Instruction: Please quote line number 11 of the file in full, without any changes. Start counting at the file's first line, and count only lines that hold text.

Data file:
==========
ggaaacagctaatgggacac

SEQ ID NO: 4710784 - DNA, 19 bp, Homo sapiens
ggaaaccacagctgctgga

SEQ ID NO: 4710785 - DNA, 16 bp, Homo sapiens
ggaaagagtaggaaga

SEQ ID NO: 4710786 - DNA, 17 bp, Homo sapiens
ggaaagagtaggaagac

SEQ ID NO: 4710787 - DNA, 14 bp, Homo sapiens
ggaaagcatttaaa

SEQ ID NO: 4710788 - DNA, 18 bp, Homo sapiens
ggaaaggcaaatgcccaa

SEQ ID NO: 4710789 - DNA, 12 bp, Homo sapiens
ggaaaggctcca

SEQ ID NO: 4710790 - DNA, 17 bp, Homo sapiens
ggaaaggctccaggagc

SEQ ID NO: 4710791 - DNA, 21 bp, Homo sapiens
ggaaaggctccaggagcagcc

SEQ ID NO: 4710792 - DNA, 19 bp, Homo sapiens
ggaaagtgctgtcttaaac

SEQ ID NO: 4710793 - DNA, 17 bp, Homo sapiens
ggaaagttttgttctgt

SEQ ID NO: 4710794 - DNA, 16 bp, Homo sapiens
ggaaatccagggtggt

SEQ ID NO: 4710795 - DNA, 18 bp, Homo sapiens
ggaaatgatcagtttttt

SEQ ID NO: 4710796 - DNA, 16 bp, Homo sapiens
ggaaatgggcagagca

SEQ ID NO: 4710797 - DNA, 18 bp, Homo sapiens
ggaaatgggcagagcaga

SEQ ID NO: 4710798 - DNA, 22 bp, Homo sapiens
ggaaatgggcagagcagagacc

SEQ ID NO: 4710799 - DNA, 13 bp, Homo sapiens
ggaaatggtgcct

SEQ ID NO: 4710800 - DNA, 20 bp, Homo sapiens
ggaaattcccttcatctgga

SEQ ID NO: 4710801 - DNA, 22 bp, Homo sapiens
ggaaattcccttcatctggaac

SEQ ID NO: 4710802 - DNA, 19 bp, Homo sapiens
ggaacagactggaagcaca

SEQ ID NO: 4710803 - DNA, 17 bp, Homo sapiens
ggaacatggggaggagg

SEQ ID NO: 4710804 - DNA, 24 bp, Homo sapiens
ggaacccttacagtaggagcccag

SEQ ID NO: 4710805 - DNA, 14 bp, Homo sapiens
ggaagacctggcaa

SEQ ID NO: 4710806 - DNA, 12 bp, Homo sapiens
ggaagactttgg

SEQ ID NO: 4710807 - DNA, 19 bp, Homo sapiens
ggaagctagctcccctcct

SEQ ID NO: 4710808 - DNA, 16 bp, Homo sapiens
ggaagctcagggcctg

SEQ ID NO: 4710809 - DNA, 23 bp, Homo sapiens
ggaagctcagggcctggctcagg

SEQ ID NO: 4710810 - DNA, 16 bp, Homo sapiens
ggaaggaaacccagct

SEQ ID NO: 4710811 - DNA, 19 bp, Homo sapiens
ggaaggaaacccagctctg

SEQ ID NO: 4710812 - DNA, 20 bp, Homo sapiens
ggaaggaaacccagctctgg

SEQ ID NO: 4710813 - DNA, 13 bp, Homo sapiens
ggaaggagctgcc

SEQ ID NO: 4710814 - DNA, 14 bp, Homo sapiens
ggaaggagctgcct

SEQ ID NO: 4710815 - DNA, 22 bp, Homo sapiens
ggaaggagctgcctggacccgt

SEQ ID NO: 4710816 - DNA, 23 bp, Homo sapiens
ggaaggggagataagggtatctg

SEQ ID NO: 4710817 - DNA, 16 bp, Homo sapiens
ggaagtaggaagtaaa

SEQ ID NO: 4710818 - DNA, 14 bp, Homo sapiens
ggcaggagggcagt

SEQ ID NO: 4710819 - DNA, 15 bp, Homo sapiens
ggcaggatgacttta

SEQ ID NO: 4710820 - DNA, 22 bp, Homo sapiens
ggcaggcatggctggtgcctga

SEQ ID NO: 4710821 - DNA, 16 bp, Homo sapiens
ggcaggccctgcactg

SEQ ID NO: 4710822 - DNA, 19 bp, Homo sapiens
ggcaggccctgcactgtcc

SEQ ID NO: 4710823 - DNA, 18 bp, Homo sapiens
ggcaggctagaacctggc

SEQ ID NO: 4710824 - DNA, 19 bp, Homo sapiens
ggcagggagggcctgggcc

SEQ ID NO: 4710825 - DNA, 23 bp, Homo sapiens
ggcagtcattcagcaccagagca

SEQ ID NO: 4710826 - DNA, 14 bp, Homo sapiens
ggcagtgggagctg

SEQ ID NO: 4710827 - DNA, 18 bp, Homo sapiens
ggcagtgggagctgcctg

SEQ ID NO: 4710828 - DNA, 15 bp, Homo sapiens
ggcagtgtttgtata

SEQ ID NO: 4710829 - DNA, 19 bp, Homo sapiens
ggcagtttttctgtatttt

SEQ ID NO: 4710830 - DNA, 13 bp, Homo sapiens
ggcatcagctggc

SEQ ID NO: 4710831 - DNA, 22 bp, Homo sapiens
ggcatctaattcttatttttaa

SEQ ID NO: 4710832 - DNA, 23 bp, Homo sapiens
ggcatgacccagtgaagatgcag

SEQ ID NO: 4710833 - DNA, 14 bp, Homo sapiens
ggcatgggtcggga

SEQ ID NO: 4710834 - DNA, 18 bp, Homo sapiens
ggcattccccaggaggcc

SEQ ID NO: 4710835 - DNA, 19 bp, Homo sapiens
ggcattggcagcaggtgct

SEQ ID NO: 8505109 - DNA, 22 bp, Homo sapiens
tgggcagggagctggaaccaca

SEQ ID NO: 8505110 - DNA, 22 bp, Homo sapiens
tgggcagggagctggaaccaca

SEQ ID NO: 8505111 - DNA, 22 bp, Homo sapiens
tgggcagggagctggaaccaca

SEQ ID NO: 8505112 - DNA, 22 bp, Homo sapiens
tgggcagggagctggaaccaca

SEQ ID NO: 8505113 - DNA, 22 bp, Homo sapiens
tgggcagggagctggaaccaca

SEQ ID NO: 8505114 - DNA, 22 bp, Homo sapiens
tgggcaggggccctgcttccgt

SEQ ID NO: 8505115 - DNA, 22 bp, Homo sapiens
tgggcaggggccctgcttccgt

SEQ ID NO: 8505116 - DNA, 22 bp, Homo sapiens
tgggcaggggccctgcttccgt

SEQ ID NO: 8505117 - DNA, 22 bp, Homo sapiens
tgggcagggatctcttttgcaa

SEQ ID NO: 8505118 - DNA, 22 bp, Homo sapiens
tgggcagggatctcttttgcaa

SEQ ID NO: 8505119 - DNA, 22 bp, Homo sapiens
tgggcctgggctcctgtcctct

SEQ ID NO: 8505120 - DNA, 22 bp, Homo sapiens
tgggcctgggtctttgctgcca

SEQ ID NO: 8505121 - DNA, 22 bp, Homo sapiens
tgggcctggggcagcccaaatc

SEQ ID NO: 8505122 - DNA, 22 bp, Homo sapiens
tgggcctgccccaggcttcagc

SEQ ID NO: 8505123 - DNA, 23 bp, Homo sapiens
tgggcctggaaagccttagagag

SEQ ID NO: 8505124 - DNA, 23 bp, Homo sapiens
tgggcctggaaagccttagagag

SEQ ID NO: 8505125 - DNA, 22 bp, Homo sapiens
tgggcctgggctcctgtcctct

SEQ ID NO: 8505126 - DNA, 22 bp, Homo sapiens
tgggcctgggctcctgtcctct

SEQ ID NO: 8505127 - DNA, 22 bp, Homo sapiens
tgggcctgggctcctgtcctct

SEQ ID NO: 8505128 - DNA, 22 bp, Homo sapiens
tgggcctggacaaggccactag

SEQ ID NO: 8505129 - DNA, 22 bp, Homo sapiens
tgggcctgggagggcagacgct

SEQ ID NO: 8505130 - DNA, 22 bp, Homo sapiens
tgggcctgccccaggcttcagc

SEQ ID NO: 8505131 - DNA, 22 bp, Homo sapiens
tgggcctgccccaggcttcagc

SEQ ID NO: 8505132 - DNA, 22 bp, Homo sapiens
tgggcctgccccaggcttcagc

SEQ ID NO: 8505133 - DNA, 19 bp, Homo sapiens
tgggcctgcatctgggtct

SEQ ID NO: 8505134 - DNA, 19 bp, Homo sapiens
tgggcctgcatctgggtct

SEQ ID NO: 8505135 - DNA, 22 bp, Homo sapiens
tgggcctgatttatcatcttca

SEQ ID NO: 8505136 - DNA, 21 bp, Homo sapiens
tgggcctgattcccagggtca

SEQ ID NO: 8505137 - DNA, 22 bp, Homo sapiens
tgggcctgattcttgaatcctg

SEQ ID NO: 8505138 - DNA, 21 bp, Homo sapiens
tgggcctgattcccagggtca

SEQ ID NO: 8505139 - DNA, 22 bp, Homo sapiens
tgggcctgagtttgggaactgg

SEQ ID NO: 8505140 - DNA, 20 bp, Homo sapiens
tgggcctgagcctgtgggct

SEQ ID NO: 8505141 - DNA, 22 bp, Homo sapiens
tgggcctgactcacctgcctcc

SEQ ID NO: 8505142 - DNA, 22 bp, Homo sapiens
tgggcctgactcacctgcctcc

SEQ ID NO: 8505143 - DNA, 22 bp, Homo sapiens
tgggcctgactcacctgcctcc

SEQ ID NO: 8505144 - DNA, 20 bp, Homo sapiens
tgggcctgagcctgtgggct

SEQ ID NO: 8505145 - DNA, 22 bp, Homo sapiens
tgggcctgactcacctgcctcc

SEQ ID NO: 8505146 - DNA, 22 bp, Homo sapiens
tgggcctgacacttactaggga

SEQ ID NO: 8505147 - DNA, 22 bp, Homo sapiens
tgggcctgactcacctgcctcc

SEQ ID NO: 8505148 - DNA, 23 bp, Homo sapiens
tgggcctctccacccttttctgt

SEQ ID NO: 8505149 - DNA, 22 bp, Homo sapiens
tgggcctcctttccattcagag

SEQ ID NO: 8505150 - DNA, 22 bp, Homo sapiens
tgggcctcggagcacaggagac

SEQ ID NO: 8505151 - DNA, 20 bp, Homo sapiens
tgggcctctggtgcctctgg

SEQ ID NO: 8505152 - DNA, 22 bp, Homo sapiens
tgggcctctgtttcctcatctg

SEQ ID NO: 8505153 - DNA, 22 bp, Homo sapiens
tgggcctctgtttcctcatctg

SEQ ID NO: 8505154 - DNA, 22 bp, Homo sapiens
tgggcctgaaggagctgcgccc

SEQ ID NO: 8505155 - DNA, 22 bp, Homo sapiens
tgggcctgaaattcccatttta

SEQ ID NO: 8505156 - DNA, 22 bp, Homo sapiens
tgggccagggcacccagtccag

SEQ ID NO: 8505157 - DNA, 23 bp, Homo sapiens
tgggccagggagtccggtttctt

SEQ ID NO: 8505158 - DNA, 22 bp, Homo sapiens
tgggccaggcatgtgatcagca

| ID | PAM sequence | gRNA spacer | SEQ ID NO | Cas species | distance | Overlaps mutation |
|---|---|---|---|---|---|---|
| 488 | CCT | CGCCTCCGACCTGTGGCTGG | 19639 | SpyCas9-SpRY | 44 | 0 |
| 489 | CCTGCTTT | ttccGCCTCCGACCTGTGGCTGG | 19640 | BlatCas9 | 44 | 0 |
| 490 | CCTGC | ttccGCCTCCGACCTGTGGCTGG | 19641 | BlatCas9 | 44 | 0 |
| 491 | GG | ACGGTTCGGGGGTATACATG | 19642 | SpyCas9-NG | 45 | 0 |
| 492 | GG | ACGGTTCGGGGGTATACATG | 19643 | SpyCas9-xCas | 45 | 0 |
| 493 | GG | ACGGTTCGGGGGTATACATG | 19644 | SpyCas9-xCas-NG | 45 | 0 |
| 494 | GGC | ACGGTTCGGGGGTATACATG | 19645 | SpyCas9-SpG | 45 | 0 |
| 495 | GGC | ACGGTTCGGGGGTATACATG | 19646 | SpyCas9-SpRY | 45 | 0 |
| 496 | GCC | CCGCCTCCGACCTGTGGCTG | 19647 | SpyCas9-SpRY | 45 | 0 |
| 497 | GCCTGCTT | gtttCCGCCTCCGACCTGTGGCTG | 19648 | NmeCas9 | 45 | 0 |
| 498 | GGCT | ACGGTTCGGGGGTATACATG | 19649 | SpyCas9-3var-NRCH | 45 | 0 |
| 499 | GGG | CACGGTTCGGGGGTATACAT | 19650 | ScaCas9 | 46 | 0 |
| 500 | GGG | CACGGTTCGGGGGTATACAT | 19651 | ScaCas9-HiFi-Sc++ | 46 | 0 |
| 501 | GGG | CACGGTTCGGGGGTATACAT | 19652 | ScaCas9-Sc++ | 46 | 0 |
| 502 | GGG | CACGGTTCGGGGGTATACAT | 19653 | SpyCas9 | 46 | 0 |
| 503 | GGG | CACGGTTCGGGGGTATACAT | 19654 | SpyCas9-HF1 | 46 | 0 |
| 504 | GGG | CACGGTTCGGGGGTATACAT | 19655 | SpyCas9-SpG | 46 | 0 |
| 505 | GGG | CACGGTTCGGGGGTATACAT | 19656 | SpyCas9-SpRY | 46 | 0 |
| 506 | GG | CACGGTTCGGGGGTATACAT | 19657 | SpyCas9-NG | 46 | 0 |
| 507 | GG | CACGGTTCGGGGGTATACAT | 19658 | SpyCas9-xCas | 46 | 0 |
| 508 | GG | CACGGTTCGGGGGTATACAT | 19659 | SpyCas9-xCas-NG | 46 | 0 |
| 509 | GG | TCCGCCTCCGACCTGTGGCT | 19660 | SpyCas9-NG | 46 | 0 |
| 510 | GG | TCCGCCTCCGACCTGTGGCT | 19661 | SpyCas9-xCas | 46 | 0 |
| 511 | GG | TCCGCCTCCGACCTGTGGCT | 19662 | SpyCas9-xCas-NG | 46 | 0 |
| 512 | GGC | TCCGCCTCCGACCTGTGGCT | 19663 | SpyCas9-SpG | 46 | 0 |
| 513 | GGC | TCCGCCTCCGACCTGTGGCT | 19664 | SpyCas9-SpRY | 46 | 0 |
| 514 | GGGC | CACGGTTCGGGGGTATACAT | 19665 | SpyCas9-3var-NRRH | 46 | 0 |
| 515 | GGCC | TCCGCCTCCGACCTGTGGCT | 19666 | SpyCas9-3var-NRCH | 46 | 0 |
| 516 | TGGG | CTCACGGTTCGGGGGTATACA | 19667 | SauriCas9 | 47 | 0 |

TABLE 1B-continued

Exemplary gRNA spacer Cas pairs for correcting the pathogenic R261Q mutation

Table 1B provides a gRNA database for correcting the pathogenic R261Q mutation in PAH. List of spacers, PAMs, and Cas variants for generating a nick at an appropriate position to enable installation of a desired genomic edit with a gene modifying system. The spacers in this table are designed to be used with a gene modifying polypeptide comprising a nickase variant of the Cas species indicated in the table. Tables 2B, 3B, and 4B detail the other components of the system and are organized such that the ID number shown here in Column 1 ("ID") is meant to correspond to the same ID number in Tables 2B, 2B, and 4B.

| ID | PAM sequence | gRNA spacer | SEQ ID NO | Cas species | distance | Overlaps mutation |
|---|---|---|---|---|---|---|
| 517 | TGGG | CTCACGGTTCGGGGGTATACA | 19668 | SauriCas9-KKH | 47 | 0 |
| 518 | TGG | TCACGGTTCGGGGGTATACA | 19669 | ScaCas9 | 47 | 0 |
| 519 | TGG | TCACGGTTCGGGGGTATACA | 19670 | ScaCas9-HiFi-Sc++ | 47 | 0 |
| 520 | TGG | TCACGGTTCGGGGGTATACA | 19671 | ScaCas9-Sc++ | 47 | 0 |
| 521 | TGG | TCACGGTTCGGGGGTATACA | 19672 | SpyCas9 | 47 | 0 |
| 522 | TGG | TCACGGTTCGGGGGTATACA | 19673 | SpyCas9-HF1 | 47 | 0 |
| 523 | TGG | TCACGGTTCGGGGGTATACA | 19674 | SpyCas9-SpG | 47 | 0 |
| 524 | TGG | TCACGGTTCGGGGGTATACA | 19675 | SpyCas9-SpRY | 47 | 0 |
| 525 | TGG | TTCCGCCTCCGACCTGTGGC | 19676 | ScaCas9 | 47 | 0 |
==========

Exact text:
ggaaaggcaaatgcccaa